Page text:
The team that conducted the August 2019 review also noted that people with bipolar disorder who attempt suicide are considerably more likely to end their lives than are those who don’t have this condition. One study, they reported, found that the ratio of attempted to completed suicides is 33:1 among the general public and 3:1 among people with BPD.

The authors of this review indicated that the following factors may be responsible for the high rate of suicidal thoughts and behaviors among people with bipolar disorder.

Suicide and Bipolar Disorder: Contributing Factors

  • Suicidal and self-harming behaviors seem to be higher during the period immediately after hospital admission, and again immediately after discharge.
  • People who have a history of multiple hospitalizations for bipolar disorder also have a higher risk of suicide.
  • Individuals with BPD who experience rapid-cycling symptoms and predominant depressive polarity may be more likely to attempt suicide.
  • Suicidal behaviors are much more common during major depressive episodes than during manic, hypomanic, or euthymic periods.
  • Women with bipolar disorder are more likely to attempt suicide, while men who have this condition are more likely to complete the act and end their lives.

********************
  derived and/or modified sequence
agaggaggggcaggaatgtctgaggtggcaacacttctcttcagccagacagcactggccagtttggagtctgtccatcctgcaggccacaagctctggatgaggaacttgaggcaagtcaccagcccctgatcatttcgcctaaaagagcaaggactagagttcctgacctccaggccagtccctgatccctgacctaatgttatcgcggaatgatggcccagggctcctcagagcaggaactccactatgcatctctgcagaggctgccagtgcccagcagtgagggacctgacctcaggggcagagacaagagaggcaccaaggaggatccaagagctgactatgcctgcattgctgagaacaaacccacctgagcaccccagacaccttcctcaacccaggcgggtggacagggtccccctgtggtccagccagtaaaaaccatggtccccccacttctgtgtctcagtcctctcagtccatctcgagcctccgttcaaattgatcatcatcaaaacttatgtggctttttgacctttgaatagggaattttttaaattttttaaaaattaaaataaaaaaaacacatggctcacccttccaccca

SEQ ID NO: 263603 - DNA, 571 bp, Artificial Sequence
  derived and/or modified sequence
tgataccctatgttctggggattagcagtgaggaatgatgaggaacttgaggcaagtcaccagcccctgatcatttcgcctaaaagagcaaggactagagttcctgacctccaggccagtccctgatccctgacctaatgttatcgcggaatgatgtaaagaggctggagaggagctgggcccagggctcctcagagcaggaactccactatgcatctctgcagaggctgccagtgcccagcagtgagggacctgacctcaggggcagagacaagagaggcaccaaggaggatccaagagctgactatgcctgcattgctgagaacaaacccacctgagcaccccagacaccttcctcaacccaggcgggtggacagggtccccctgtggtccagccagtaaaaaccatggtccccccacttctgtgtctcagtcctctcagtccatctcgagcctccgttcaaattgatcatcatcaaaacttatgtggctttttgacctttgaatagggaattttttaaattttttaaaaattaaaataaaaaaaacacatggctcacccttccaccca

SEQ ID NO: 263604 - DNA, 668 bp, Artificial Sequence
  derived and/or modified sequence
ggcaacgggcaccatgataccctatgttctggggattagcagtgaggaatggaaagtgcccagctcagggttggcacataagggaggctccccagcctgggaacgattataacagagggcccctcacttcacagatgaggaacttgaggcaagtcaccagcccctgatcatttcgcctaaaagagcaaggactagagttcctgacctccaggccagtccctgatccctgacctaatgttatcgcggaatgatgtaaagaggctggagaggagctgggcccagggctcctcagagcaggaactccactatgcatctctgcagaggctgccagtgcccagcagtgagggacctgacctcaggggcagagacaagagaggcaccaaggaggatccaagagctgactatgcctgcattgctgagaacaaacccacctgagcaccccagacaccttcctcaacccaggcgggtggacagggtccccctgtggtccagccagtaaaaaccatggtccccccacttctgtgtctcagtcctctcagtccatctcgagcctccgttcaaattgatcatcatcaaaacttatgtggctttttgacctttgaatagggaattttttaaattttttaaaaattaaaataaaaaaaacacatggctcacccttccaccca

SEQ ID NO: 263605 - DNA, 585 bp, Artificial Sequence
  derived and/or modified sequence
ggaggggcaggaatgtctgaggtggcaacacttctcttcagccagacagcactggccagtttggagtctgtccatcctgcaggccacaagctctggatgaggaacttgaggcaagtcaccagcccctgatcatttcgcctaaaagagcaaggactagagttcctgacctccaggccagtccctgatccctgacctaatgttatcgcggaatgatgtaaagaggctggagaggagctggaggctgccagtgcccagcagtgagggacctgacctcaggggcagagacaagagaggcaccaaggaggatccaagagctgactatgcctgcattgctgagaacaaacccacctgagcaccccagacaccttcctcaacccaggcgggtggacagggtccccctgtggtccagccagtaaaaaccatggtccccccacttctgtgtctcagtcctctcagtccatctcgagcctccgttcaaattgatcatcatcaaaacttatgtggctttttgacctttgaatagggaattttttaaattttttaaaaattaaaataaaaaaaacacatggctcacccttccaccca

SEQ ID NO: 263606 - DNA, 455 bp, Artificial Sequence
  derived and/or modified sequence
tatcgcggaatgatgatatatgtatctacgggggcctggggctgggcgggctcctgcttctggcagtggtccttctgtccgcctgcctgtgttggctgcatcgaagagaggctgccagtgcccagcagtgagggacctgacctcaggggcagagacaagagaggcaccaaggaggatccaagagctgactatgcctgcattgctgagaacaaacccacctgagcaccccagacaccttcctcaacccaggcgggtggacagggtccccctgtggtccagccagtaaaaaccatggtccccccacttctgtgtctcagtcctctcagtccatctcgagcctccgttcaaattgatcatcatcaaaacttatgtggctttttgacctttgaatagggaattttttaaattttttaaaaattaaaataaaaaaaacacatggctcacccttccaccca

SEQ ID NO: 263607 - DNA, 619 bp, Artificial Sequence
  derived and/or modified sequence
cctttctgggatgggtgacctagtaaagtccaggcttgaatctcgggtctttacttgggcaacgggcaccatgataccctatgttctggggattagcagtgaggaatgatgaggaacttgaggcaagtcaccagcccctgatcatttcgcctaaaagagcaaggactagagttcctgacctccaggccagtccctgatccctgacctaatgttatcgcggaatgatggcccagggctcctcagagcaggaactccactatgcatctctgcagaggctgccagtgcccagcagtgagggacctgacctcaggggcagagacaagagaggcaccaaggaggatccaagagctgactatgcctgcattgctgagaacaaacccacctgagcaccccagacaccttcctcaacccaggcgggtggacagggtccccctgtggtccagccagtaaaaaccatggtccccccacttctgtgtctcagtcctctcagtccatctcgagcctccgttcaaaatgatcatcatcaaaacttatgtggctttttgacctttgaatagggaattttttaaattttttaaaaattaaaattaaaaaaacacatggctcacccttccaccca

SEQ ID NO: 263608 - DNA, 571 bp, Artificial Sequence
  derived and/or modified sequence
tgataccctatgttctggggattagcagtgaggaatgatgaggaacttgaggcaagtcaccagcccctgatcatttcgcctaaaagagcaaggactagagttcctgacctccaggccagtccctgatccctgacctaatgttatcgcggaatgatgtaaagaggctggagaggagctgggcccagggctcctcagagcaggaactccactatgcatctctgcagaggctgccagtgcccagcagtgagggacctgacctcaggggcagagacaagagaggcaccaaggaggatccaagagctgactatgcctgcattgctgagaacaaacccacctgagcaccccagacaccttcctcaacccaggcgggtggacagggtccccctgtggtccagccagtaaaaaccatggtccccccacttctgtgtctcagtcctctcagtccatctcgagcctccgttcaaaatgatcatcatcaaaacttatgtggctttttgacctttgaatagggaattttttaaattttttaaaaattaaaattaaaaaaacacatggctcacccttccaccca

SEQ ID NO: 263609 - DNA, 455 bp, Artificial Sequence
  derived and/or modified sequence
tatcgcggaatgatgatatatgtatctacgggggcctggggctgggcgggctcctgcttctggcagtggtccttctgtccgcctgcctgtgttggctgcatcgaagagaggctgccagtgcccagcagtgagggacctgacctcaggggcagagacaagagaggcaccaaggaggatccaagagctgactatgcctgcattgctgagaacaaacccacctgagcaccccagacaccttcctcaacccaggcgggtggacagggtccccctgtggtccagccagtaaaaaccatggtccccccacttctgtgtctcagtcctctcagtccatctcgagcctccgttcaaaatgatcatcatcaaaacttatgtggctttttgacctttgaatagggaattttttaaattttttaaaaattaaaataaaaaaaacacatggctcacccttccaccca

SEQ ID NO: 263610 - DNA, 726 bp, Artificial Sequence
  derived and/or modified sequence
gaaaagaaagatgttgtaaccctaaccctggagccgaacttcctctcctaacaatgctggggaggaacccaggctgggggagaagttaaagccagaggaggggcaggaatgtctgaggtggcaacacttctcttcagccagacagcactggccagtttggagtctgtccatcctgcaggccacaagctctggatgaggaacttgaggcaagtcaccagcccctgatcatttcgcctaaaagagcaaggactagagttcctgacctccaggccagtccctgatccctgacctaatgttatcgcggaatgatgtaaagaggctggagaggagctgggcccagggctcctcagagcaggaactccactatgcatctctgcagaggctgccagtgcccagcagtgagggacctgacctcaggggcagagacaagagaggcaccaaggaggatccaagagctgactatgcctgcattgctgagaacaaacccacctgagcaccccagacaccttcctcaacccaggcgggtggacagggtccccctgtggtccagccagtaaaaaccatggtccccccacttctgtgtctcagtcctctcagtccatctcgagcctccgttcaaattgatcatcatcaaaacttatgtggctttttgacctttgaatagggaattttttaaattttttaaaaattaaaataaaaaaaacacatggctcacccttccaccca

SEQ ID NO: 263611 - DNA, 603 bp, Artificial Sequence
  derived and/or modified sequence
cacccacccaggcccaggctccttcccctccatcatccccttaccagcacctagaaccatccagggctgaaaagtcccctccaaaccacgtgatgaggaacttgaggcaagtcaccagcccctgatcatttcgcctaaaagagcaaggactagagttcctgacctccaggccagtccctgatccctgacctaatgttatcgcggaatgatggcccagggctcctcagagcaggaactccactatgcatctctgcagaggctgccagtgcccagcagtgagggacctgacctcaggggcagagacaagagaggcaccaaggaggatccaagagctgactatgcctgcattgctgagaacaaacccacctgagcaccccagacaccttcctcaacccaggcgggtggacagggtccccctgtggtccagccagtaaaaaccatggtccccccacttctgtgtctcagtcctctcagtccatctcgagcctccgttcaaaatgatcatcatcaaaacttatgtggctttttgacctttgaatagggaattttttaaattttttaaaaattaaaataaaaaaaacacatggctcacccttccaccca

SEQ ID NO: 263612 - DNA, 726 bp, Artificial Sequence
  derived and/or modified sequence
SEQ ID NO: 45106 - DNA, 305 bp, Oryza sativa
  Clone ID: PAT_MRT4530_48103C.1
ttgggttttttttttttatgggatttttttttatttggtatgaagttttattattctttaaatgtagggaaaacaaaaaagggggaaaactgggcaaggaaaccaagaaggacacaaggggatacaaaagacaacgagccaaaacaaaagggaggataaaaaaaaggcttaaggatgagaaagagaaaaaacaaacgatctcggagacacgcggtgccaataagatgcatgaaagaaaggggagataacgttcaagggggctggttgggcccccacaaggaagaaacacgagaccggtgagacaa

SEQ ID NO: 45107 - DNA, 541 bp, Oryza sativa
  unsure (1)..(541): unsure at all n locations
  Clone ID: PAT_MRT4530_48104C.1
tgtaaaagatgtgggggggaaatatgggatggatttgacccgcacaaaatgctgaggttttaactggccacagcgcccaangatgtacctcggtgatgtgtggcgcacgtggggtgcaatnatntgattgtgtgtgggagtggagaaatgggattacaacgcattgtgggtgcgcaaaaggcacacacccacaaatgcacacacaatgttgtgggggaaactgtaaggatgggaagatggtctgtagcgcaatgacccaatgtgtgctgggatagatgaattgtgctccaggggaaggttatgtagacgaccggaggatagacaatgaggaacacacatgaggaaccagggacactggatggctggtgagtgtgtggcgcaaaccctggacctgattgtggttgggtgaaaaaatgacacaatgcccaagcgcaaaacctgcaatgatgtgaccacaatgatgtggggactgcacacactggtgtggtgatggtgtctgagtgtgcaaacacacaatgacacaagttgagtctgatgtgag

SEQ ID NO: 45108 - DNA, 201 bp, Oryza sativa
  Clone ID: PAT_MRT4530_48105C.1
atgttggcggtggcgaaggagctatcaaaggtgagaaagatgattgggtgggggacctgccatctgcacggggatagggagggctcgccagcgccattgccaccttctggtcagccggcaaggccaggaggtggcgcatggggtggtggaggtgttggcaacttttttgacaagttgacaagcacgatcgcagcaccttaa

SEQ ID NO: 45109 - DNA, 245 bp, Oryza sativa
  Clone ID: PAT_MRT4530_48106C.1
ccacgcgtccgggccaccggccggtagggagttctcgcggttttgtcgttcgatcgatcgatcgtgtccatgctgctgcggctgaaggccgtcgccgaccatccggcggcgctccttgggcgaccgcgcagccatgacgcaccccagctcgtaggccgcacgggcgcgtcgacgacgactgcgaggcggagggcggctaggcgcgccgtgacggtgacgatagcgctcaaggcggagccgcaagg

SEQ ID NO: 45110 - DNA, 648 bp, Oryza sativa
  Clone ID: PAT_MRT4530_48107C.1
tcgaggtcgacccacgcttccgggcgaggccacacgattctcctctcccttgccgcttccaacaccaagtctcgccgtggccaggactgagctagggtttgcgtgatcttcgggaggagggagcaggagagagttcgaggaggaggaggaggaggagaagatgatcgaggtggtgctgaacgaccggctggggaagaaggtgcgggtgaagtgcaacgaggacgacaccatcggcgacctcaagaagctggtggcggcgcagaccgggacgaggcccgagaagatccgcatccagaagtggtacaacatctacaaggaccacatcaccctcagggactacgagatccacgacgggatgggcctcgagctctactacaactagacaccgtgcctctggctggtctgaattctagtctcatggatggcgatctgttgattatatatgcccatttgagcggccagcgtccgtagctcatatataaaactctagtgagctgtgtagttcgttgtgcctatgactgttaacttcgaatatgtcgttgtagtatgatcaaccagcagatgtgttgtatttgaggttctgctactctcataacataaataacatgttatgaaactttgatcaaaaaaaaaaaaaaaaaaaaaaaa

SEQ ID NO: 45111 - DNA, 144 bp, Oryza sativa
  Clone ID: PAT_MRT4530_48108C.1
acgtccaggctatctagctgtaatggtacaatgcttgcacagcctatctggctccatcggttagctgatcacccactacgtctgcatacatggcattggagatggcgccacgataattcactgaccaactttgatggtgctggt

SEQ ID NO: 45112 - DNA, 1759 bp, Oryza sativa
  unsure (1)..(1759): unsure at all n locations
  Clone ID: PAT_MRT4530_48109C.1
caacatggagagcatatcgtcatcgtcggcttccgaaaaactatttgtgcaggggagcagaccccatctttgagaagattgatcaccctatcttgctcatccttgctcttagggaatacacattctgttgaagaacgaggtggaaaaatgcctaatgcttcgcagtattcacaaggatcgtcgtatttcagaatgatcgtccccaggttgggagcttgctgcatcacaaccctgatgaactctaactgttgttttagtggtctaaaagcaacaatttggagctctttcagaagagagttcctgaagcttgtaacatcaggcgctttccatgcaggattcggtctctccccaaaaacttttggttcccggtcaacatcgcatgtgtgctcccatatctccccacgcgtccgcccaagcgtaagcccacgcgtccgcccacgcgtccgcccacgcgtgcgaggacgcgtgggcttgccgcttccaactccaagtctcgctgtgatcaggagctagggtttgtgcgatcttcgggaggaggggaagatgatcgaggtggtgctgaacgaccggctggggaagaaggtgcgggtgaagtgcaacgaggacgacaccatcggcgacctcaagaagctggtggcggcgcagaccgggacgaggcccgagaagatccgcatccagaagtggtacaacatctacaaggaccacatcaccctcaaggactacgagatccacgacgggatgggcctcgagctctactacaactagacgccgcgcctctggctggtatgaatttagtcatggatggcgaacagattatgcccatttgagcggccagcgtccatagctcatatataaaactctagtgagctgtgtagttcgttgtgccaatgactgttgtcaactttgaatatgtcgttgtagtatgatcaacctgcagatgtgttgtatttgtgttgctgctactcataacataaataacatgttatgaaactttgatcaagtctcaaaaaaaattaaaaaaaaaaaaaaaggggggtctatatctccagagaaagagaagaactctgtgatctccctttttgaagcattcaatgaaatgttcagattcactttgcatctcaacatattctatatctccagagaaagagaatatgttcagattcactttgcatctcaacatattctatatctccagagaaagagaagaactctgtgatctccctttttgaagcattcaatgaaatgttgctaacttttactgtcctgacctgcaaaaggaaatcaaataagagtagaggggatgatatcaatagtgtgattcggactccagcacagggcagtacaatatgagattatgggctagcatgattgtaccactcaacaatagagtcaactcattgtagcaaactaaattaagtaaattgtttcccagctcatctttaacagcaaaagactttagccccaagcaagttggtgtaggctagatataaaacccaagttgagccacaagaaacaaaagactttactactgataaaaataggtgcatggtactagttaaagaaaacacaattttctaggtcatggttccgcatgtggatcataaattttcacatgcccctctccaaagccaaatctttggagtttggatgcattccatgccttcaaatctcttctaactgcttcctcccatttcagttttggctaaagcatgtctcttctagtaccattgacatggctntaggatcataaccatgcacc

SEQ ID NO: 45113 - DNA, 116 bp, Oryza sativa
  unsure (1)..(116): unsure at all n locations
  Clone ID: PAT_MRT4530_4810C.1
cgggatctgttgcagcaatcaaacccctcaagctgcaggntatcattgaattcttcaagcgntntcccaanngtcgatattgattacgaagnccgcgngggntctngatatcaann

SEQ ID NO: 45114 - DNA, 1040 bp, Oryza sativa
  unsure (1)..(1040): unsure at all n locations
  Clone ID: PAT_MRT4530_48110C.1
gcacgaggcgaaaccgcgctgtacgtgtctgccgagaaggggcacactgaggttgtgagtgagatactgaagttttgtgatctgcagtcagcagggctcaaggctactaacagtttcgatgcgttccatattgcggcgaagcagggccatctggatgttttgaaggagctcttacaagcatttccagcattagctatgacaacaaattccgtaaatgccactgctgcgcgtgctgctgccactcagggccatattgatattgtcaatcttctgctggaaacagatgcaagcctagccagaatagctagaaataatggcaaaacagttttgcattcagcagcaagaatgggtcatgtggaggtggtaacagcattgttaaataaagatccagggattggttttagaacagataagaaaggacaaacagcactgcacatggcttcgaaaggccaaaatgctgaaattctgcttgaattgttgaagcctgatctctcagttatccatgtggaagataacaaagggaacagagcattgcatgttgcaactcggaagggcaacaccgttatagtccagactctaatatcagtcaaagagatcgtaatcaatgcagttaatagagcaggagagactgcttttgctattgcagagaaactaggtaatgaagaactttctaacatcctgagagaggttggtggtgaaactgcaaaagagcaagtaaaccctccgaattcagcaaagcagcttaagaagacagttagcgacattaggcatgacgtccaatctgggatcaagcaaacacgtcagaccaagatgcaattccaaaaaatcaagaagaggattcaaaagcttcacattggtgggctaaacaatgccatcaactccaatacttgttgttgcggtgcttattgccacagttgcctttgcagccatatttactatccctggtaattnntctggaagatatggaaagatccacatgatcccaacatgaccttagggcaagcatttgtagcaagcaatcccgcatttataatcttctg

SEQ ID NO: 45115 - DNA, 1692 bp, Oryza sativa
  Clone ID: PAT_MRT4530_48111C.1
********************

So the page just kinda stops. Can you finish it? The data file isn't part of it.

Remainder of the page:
• A history of personal adversity, such as job loss, physical or sexual abuse, loss of a parent during childhood, or financial struggles have been linked with an increased likelihood of suicide among people with BPD.
  • Among all people with bipolar disorder, suicidal behaviors are most common in two age groups: 35 and below and 75 and above.

The research team also reported that people who were diagnosed with bipolar disorder at an early age may have an elevated suicide risk. However, as we will discuss in the next section, at least one study suggests that early diagnosis may be a preventative factor, leading to a lower risk of suicide for some people.

Is Early Diagnosis the Answer?

In May 2023, the journal JAMA Psychiatry published a cross-sectional study of suicide deaths among Swedish adolescents aged 15-19. The team that conducted this study was led by Peter Andersson, MSc, and Adrian Desai Boströmm MD, PhD, both of whom are affiliated with the Karolinska Institute.

Features of this study included the following:

  • The data for the study had been collected by the Swedish National Board of Health and Welfare between Jan. 1, 2008, and Dec. 31, 2021.